Lecture: Lone Star and Red Star: “Chasing Supermassive Black Holes in the Centers of Galaxies: Modern Astronomy in the Former Soviet Union” by Martin Gaskell
Wed, September 29, 2010 • 4:00 PM • BUR 116
Astronomy Department, UT Austin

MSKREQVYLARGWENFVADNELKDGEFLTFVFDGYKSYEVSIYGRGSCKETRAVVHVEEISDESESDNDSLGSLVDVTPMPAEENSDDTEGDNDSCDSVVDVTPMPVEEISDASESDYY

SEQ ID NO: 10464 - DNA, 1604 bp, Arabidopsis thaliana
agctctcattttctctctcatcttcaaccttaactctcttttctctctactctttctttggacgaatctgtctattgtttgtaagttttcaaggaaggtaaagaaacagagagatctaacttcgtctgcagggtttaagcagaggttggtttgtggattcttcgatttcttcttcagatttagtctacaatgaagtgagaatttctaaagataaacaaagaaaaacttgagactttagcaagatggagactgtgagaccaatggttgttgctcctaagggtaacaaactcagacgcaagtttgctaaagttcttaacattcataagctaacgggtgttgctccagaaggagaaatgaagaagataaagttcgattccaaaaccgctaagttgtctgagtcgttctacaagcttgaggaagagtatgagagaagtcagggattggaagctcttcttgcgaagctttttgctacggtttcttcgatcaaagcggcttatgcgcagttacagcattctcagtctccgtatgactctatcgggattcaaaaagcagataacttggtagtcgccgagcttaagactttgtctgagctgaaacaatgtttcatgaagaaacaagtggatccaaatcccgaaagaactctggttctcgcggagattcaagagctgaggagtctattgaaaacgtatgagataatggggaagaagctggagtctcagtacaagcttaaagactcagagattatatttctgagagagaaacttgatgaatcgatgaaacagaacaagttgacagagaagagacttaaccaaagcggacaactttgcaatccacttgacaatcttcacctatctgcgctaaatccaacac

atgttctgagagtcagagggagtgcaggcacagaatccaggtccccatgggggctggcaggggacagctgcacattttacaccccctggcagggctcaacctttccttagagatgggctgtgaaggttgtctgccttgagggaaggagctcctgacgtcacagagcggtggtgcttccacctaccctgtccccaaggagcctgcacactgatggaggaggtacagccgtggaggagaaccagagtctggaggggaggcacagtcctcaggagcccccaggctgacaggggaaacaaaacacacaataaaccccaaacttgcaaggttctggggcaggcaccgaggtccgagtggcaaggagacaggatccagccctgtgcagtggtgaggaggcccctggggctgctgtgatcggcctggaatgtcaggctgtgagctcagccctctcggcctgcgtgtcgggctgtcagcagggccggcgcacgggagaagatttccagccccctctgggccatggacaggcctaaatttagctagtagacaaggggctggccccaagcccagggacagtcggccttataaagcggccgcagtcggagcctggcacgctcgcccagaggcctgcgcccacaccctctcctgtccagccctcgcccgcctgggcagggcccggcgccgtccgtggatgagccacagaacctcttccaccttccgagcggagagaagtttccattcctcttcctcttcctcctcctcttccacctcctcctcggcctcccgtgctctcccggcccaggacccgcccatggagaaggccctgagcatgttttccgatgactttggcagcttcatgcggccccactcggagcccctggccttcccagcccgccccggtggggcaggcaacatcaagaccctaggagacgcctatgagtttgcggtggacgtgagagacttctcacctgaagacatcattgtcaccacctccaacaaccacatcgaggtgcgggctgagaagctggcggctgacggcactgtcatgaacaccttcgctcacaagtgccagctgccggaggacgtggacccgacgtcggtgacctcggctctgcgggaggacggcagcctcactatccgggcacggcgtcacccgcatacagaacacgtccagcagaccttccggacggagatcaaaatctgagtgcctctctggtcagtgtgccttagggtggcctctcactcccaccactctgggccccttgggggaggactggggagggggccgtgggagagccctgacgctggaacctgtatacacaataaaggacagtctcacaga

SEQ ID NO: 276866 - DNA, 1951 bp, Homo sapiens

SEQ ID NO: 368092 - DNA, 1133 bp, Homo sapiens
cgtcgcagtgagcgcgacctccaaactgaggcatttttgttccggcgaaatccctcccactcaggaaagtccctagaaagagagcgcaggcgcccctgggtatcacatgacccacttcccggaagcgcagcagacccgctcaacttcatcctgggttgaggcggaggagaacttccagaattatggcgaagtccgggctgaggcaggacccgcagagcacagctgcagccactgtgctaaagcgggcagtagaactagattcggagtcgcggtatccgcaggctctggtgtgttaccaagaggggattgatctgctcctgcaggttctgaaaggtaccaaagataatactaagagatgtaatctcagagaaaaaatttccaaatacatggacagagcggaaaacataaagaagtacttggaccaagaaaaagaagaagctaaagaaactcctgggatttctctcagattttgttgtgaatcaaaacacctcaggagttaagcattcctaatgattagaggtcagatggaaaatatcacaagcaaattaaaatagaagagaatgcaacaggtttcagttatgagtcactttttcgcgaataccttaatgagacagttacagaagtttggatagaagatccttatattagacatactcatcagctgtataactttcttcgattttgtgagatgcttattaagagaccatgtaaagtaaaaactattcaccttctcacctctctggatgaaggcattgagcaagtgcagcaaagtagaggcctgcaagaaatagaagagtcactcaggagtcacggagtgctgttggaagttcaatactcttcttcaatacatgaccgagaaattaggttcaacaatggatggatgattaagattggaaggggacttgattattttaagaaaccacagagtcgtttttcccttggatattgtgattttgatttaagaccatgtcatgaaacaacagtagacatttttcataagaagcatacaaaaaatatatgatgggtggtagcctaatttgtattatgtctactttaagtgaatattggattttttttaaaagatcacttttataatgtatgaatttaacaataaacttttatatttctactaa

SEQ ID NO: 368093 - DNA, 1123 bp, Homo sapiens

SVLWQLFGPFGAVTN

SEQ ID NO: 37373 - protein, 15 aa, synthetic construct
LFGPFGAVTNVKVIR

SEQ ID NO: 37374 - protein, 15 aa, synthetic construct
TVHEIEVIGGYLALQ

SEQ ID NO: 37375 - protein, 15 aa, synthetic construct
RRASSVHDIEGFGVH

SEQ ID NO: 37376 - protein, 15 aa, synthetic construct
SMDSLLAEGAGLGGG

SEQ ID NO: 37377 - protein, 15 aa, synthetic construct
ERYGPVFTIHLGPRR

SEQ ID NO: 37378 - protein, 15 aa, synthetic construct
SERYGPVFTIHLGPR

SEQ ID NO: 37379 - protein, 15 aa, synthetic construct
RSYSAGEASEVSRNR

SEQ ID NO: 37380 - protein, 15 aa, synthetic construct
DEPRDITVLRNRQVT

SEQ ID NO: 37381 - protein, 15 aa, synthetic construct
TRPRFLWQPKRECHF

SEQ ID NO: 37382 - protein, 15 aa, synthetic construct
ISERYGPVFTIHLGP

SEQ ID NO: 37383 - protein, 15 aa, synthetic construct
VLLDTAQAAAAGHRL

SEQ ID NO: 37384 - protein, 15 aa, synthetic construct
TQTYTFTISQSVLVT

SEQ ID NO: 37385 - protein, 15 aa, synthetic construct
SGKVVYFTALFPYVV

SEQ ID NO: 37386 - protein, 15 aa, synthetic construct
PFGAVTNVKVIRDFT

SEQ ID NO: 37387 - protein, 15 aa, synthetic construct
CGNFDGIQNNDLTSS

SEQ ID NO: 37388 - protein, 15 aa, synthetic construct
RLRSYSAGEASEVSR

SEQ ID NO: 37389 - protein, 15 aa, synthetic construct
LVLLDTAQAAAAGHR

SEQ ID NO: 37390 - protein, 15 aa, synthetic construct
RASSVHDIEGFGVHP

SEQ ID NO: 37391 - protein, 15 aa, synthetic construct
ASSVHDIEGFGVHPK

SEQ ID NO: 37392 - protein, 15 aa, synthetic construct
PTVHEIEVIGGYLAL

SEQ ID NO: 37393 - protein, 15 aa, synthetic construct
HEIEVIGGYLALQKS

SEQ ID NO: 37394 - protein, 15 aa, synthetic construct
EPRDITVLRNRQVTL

One of the most remarkable realizations of the last half century has been the recognition that that there is at least one supermassive black hole in the center of every large galaxy like our own. The gas spiraling into these black holes produces the most powerful energy sources known in the universe. Much of the pioneering work on supermassive black holes has been carried out in the countries of the Former Soviet Union. UT astronomer Martin Gaskell has been collaborating with astronomers from these countries and elsewhere in Eastern Europe for over two decades in trying to understand how supermassive black holes grow, how the gas falling into them puts out such prodigious amounts of radiation, and how the black holes affect galaxies. In this illustrated talk Dr. Gaskell describes this collaboration, his visits to observatories of the Former Soviet Union in Eastern Europe and Central Asia, and what has been learned about how supermassive black holes work.